1. A. Self-Similarity

The simplest fractals are constructed by iteration. For example, start with a filled-in triangle and iterate this process:
For every filled-in triangle, connect the midpoints of the sides and remove the middle triangle. Iterating this process produces, in the limit, the Sierpinski Gasket.
Click the picture to iterate.
The gasket is self-similar. That is, it is made up of smaller copies of itself.
We can describe the gasket as made of three copies, each 1/2 as tall and 1/2 as wide as the original. But note a consequence of self-similarity: each of these copies is made of three still smaller copies, so we can say the gasket is made of nine copies each 1/4 by 1/4 of the original, or 27 copies each 1/8 by 1/8, or ... . Usually, we prefer the simplest description.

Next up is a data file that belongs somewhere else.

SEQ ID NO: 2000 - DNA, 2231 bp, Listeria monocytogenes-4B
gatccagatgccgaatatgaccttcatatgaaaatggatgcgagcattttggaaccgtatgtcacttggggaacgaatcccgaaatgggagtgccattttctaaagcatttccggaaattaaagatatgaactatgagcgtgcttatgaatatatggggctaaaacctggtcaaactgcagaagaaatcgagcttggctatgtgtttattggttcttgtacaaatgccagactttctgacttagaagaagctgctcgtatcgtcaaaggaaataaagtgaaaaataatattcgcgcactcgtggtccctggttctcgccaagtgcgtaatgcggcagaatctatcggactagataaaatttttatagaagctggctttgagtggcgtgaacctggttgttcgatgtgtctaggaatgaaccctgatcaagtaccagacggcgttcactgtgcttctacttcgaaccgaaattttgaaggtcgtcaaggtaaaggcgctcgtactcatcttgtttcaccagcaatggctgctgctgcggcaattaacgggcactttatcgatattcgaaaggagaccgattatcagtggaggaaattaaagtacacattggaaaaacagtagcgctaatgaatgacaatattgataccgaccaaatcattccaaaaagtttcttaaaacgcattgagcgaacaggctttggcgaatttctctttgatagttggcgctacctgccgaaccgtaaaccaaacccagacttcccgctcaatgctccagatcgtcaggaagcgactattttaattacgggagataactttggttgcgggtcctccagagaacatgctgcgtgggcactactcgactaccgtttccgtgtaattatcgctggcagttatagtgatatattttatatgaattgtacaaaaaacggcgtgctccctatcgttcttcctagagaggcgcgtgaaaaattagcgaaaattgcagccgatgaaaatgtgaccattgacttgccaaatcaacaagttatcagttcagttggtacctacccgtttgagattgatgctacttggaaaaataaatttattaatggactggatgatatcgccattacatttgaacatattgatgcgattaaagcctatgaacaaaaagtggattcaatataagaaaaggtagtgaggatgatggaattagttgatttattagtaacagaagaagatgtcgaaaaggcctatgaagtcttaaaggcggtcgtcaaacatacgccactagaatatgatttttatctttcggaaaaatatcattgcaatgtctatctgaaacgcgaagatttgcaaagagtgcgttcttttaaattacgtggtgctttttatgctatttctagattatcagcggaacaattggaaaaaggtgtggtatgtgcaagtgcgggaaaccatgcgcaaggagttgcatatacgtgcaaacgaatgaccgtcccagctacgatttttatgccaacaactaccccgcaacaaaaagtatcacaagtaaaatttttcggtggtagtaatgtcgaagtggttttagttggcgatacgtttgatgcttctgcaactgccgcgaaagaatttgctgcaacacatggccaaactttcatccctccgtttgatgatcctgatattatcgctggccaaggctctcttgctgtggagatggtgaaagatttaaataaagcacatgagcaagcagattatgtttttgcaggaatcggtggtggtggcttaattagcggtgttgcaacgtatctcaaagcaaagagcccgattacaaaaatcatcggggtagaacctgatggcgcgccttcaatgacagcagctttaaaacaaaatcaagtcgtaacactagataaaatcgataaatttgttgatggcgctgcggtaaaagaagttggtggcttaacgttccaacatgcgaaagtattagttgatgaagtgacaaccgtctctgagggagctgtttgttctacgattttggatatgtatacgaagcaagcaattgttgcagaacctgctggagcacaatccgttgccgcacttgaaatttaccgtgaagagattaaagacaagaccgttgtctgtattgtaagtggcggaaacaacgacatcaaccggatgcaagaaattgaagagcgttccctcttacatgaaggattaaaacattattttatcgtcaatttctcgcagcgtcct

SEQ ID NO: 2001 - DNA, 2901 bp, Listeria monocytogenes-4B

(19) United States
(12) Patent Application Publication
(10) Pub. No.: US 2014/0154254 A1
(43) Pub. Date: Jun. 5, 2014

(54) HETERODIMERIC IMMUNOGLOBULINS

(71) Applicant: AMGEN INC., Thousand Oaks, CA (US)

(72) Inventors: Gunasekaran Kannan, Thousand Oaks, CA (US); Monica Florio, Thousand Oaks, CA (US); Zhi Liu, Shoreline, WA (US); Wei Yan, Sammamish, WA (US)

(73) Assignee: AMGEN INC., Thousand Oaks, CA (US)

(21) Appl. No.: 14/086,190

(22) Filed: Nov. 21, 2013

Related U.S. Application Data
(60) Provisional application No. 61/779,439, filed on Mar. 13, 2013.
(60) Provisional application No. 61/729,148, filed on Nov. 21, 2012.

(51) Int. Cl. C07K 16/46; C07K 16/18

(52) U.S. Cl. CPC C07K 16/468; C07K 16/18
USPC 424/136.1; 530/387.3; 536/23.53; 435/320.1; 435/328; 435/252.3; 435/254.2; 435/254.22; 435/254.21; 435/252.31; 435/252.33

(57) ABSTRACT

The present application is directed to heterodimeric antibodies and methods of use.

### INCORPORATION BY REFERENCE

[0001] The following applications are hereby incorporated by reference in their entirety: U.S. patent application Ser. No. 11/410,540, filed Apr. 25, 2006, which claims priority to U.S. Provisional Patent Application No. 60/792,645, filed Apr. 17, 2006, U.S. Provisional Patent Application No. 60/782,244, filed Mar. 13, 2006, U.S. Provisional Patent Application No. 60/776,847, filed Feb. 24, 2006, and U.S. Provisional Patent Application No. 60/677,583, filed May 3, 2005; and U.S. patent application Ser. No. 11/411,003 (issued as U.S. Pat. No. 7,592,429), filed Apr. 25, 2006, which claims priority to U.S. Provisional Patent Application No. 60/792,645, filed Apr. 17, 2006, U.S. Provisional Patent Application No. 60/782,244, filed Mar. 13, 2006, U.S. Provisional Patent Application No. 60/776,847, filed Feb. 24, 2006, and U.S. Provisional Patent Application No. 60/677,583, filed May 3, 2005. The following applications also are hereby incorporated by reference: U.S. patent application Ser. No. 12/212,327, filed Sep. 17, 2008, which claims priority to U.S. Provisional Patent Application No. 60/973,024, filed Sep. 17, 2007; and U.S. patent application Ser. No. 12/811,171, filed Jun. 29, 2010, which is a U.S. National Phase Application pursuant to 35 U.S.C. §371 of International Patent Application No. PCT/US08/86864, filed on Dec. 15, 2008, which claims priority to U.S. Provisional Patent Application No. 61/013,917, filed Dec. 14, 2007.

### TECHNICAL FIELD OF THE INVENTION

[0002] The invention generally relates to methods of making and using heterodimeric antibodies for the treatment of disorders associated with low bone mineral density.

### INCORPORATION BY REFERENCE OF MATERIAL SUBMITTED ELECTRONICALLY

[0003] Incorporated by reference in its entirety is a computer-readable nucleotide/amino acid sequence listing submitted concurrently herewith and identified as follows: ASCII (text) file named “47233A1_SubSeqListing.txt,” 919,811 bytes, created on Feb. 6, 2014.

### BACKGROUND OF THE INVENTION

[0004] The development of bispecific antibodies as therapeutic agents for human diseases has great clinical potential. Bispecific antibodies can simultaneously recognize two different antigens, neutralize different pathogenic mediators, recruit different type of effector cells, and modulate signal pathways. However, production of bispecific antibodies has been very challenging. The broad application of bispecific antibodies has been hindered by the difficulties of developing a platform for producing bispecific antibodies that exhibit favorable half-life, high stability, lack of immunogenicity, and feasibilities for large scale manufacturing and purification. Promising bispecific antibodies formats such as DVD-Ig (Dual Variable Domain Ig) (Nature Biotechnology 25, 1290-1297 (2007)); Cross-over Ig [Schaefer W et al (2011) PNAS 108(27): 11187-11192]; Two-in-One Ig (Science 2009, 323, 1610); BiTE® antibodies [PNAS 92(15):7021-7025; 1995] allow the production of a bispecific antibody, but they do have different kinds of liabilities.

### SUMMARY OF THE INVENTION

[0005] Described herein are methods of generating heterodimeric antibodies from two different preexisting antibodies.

"Big gaskets are made of little gaskets,
The bits into which we slice 'em.
And little gaskets are made of lesser gaskets
And so ad infinitum."
This implies fractals possess a scale ambiguity.

Return to Introduction to fractals.